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Stanhope Parish, 1848

STANHOPE (St. Thomas the Apostle), a small town, a parish, and the head of the union of Weardale, in the N. W. division of Darlington ward, S. division of the county of Durham; containing upwards of 9,000 inhabitants, of whom about 2,000 are in Stanhope-Quarter, 5¾ miles (W.) from Wolsingham. Stanhope Park is remarkable in history as the place where, on the incursion of the Scots in the reign of Edward III., that monarch encamped his forces; and on an eminence to the west of the village might formerly be seen the remains of an ancient fortress demolished by the Scots upon that occasion. The parish is divided into four quarters, including six townships. These quarters are, Newlandside, which contains 3,816 acres of inclosed land, and a common, named Bollihope, of 7000 acres; Stanhope quarter, which comprises 3,725 acres inclosed, and 7,200 common; Park quarter, which has 12,326 acres of land inclosed, and 500 common named Sunderland; and Forest quarter, which consists of 8,124 acres inclosed, and 11,876 common. The village is situated on the northern side of the river Wear; and near its western extremity is Stanhope Hall, an ancient mansion regularly defended by a curtain, formerly the residence of the family of Featherstonhaugh, to whom the manor belonged. With the exception of that part of the parish on the banks of the river, the country is rugged and mountainous, exhibiting, however, in parts, much picturesque beauty, diversified with waterfalls, and rocks and caves of limestone fringed with natural wood.

The district is rich in minerals. Lead-ore is wrought upon a very extensive scale, in some works near the Wear, belonging to T. W. Beaumont, Esq., and to the London Lead Company; the vicinity also abounds with ironstone and limestone of excellent quality. Of the produce of Mr. Beaumont's mines, a tenth part belongs to the Bishop of Durham, and a ninth to the rector of the parish. The terminus of the Pontop and South Shields railway for the conveyance of goods and mineral produce is within a mile of the town: extensive limekilns have been erected; and large quantities of lime are forwarded by the railroad to the northern parts of the county, together with a portion of the lead smelted in the district, and some ironstone. Coal is obtained from Medomsley in return, but not to any great extent. A market was granted to the inhabitants by charter of Bishop Langley in 1421, but it has been discontinued; fairs are held on the Wednesday before Easter, the second Friday in September, and December 21st, the last for cattle. Petty-sessions for the division take place every month; and a court baron occurs occasionally at Frosterley.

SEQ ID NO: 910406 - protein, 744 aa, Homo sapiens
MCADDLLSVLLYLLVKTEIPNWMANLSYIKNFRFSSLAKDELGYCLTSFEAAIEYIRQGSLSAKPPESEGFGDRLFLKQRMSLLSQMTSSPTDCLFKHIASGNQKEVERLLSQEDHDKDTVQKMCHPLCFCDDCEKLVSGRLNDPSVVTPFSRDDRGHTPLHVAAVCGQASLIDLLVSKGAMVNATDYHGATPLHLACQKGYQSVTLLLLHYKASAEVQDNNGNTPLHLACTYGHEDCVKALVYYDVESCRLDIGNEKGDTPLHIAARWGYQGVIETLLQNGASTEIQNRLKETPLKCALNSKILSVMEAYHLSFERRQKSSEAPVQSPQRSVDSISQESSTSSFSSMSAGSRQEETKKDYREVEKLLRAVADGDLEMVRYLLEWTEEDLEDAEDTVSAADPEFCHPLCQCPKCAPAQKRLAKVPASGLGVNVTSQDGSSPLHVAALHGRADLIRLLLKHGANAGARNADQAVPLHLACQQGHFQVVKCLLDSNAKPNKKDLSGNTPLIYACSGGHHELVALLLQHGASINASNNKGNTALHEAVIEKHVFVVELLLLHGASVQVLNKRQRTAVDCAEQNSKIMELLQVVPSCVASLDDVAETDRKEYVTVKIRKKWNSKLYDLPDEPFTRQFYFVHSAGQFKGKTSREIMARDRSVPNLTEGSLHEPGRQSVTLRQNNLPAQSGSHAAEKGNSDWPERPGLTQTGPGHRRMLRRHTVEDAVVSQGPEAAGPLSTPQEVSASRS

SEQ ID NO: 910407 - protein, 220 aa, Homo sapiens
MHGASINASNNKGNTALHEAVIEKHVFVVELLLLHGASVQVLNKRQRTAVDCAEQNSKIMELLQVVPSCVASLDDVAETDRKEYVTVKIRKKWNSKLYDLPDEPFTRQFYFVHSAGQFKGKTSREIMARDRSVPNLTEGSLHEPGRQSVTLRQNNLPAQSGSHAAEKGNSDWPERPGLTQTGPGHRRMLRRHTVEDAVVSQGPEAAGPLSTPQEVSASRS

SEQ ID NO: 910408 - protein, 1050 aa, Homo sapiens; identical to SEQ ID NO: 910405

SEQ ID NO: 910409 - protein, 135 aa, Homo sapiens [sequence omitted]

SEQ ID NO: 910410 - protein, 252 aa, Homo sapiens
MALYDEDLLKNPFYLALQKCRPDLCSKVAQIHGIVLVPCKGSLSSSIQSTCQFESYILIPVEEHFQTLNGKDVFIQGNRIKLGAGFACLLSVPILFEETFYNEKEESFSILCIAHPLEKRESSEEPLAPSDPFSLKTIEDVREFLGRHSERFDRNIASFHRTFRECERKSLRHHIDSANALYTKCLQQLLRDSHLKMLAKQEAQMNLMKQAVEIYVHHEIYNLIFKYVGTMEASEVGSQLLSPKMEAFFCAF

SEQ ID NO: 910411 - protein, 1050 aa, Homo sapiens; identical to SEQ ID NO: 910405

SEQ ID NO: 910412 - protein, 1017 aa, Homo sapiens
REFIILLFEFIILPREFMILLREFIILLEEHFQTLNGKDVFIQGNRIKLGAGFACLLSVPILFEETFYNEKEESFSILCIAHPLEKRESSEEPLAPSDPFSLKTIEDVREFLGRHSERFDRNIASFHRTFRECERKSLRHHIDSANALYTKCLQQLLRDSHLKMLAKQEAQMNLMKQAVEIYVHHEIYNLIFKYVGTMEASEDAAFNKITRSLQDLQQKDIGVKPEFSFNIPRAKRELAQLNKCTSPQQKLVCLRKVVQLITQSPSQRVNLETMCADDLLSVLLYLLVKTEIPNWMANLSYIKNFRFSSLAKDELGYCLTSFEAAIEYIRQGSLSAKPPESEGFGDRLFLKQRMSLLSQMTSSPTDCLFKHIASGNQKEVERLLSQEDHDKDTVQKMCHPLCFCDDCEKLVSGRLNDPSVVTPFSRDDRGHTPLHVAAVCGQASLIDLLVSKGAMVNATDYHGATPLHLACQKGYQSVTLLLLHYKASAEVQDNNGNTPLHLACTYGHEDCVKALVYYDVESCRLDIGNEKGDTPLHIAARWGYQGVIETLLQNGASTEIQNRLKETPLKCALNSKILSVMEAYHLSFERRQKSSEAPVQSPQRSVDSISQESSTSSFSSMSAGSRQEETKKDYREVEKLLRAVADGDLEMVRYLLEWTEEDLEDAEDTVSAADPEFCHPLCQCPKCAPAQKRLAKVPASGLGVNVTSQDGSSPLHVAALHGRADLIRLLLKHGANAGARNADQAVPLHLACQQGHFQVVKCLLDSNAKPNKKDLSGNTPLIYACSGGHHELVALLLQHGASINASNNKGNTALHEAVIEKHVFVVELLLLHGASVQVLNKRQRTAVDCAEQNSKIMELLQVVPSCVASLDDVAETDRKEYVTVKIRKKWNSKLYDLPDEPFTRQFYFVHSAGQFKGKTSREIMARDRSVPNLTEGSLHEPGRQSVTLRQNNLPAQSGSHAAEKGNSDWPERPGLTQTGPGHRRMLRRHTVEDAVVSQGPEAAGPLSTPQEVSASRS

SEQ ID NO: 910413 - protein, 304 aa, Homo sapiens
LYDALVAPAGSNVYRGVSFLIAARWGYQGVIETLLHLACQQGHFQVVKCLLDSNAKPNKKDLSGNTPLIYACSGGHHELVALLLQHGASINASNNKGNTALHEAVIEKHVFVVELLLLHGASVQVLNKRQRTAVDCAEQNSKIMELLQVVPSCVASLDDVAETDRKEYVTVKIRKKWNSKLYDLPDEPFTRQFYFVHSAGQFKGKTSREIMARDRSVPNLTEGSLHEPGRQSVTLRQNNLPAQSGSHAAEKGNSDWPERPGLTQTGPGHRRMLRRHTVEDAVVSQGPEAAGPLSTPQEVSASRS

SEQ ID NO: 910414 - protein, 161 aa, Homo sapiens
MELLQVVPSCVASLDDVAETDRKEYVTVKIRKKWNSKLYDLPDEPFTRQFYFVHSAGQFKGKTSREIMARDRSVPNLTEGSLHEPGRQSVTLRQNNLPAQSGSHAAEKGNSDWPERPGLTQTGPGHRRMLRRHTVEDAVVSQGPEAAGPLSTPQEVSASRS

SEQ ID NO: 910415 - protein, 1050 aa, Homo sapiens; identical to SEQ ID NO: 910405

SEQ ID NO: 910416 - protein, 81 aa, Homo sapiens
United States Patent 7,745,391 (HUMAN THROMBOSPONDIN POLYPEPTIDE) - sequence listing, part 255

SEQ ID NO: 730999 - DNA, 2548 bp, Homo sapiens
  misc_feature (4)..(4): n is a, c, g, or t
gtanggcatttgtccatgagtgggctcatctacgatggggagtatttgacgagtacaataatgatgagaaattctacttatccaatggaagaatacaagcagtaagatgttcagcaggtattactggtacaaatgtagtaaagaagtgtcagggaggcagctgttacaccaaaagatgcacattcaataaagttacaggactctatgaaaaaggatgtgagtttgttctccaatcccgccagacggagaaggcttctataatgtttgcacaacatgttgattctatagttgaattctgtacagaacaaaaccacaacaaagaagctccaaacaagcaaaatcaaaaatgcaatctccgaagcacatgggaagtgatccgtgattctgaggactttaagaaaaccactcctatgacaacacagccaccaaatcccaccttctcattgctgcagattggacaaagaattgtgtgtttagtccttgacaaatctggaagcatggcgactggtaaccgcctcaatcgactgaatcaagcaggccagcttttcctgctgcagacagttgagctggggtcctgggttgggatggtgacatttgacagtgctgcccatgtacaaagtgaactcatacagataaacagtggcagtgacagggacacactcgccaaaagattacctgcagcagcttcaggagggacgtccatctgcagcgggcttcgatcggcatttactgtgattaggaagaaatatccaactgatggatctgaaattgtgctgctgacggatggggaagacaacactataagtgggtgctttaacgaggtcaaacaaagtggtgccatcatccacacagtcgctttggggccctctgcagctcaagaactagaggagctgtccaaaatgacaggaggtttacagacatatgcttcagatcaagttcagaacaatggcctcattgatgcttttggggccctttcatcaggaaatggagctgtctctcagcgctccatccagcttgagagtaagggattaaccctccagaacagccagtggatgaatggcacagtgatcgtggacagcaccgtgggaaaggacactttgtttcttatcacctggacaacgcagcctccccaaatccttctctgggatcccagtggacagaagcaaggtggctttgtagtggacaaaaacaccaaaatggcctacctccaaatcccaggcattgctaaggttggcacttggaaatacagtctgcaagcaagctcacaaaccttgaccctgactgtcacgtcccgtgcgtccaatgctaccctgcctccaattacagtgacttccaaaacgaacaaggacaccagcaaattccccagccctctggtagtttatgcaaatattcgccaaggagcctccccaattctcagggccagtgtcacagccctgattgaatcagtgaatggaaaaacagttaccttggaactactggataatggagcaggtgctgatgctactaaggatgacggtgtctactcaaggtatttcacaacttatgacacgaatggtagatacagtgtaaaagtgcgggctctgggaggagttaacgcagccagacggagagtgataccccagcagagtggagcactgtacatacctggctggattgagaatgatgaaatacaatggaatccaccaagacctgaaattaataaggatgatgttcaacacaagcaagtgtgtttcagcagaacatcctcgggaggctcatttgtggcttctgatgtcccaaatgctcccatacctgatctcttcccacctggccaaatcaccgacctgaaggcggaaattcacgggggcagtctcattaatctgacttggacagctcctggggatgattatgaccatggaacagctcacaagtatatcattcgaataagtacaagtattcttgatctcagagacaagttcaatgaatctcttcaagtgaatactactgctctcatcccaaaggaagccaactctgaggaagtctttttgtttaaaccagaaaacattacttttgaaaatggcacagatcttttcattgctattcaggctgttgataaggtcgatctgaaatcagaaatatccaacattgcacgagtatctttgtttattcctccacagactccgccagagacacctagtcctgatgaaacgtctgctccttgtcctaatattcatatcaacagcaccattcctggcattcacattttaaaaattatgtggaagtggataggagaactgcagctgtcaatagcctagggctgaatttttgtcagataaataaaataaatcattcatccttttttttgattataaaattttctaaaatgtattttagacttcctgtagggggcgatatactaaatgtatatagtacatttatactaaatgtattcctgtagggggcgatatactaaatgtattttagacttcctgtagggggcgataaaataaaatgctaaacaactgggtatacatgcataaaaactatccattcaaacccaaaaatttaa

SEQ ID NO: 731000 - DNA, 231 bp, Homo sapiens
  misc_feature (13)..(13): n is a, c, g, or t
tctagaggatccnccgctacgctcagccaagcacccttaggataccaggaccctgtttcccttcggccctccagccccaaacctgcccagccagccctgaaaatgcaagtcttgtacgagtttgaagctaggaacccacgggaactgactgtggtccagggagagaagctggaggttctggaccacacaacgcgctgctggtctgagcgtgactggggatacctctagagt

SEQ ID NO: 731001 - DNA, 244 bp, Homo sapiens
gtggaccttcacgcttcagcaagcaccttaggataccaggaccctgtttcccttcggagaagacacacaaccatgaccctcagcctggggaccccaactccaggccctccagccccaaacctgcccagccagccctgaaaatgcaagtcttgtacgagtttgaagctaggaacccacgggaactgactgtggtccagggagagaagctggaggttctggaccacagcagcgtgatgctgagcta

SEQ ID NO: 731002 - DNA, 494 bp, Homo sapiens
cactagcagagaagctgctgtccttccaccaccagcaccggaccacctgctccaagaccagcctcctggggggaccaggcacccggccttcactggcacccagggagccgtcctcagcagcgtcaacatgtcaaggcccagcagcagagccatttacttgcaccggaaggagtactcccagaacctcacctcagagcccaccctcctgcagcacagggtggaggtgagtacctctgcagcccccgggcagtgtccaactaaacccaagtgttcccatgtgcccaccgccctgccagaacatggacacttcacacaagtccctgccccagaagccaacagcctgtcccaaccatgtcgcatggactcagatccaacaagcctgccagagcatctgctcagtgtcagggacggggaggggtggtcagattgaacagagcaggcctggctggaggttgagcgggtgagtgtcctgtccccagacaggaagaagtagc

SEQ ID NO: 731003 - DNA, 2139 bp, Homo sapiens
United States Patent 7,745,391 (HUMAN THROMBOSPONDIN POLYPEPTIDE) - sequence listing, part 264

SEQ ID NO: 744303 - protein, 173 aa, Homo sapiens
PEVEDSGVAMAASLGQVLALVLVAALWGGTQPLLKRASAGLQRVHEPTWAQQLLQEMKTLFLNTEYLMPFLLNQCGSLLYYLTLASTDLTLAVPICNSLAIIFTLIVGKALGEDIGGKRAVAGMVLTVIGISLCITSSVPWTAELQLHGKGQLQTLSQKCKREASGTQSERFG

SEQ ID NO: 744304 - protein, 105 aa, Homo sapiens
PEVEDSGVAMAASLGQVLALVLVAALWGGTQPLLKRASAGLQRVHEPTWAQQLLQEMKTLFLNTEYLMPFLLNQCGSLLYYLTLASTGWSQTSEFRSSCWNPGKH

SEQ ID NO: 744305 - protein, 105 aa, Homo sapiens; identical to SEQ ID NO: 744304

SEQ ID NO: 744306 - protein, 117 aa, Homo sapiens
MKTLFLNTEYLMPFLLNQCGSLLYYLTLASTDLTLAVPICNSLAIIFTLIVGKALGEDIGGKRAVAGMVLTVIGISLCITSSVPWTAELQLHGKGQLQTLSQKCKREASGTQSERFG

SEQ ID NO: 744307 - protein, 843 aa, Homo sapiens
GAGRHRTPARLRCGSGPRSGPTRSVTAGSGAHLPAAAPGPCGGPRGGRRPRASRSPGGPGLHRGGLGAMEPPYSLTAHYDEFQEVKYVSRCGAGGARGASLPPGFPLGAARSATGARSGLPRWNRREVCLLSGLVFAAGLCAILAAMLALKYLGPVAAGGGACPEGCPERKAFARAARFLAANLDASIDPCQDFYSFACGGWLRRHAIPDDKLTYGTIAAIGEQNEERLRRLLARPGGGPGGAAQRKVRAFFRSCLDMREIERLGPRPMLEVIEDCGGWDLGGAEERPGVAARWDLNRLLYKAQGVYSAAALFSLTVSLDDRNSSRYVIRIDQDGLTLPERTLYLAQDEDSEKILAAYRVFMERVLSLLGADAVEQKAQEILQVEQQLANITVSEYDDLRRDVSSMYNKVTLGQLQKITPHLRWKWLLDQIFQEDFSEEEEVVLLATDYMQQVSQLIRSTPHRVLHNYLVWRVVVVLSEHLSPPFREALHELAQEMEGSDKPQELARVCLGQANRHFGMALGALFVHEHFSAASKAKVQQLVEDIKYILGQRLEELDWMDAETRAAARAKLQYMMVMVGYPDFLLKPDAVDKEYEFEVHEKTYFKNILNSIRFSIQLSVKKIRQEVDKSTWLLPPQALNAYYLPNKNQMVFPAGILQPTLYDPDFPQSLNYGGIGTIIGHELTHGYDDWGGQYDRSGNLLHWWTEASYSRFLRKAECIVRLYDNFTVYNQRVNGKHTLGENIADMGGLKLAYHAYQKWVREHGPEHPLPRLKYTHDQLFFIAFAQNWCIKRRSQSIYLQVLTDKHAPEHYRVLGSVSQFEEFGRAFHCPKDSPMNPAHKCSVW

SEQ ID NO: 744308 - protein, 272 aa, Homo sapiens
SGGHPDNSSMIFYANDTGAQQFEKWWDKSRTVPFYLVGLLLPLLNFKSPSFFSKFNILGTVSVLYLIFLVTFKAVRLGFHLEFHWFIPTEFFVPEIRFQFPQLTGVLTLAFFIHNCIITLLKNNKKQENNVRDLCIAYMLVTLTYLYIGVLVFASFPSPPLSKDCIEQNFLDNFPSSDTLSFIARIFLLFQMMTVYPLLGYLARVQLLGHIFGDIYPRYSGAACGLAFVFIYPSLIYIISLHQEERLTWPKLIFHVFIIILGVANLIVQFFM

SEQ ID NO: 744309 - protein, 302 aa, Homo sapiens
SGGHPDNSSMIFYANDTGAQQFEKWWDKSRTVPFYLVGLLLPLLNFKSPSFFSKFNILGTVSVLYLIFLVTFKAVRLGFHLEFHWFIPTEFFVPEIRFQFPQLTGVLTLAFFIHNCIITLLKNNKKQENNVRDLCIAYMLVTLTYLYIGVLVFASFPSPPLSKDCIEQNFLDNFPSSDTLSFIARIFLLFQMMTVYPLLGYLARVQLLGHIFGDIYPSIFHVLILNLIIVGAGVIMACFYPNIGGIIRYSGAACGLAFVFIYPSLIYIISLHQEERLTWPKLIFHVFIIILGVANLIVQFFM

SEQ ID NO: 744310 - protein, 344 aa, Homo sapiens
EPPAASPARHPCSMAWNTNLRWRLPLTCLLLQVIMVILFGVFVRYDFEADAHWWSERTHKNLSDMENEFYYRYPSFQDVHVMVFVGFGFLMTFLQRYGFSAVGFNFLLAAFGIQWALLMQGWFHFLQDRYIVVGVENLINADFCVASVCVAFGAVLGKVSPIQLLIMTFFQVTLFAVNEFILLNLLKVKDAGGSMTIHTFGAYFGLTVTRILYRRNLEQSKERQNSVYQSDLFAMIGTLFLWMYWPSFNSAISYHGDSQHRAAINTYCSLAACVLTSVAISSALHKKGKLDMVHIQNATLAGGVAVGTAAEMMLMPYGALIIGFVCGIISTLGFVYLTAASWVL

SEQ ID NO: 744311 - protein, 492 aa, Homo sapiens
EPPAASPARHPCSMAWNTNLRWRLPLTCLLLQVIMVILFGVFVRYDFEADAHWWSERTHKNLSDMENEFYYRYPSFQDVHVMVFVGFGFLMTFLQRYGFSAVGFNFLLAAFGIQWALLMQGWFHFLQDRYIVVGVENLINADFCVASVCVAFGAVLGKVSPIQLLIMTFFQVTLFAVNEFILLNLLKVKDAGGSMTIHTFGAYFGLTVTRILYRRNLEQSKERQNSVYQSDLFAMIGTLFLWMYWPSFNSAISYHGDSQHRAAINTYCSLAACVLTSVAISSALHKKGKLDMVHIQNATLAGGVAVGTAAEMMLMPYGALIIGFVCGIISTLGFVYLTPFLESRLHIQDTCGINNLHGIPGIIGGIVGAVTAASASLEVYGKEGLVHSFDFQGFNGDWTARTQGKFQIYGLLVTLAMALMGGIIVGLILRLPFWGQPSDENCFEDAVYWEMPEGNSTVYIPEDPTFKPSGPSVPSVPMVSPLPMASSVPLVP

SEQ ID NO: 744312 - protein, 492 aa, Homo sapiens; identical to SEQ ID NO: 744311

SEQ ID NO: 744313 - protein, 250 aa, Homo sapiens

The living is a rectory, valued in the king's books at £67. 6. 8., and in the patronage of the Bishop of Durham, with a net income of £4660: the glebe comprises 220 acres; the predial tithes have been commuted for a rent-charge of £700. The church, which is situated on a slope to the north of the town, has a tower of great thickness, which was probably used as a keep in former times: the nave has round pillars supporting circular arches; the chancel is large, with oak stalls. At Rookhope is a chapel of ease, built by the late Bishop Barrington. Two oratories, one at Eastgate and the other at Frosterley, where divine service is performed every Sunday, have been built during the incumbency of the present rector; and at Heatherycleugh and Weardale are separate incumbencies. There are meeting-houses for dissenters in various parts of the parish. The union of Weardale, of which the workhouse is at Stanhope, comprises four parishes, and contains a population of 10,174. In the Park quarter is a small camp, evidently of Roman construction; and a Roman altar, said to have been found on Bollihope, is preserved in the rectory. Among the incumbents of the parish have been, Bishop Butler, whose celebrated Analogy of Religion is said to have been composed in this retirement; and Dr. Phillpotts, Bishop of Exeter. Viscount Hardinge, the late governor-general of India, and his gallant brother, Captain Hardinge, who fell in action in the East Indies, were brought up at Stanhope, of which their father, the Rev. George Hardinge, was rector.

Extract from: A Topographical Dictionary of England comprising the several counties, cities, boroughs, corporate and market towns, parishes, and townships..... 7th Edition, by Samuel Lewis, London, 1848.

Stanhope Civil Parish Frosterley, 1848 Stanhope Forest Quarter Township (Stanhope), 1848 Eastgate, 1848 Park Quarter, Stanhope, 1848 St. John's Chapel, Weardale, 1849
A topographical dictionary of England, Samuel Lewis, 7th Ed., 1848
- A topographical dictionary of England comprising the several counties, cities, boroughs, corporate and market towns, parishes, and townships, and the islands of Guernsey, Jersey, and Man, with historical and statistical …

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Simon Cotterill
Forest Quarter Township (Stanhope), 1848
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Forest Quarter Township (Stanhope), 1848
- FOREST-QUARTER, a township, in the parish of Stanhope, N. W. division of Darlington ward, S. division of the county of Durham, 7 miles (W.) from Stanhope; containing 3,531 inhabitants. The …
Eastgate, 1848
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Eastgate, 1848
- EASTGATE, a hamlet, in the parish of Stanhope, union of Weardale, N. W. division of Darlington ward, S. division of the county of Durham, 8¼ miles (W. by N.) from …
Frosterley, 1848
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Frosterley, 1848
- FROSTERLEY, a township, in the parish of Stanhope, union of Weardale, N. W. division of Darlington ward, S. division of the county of Durham, 3¼ miles (W.) from Wolsingham; containing …


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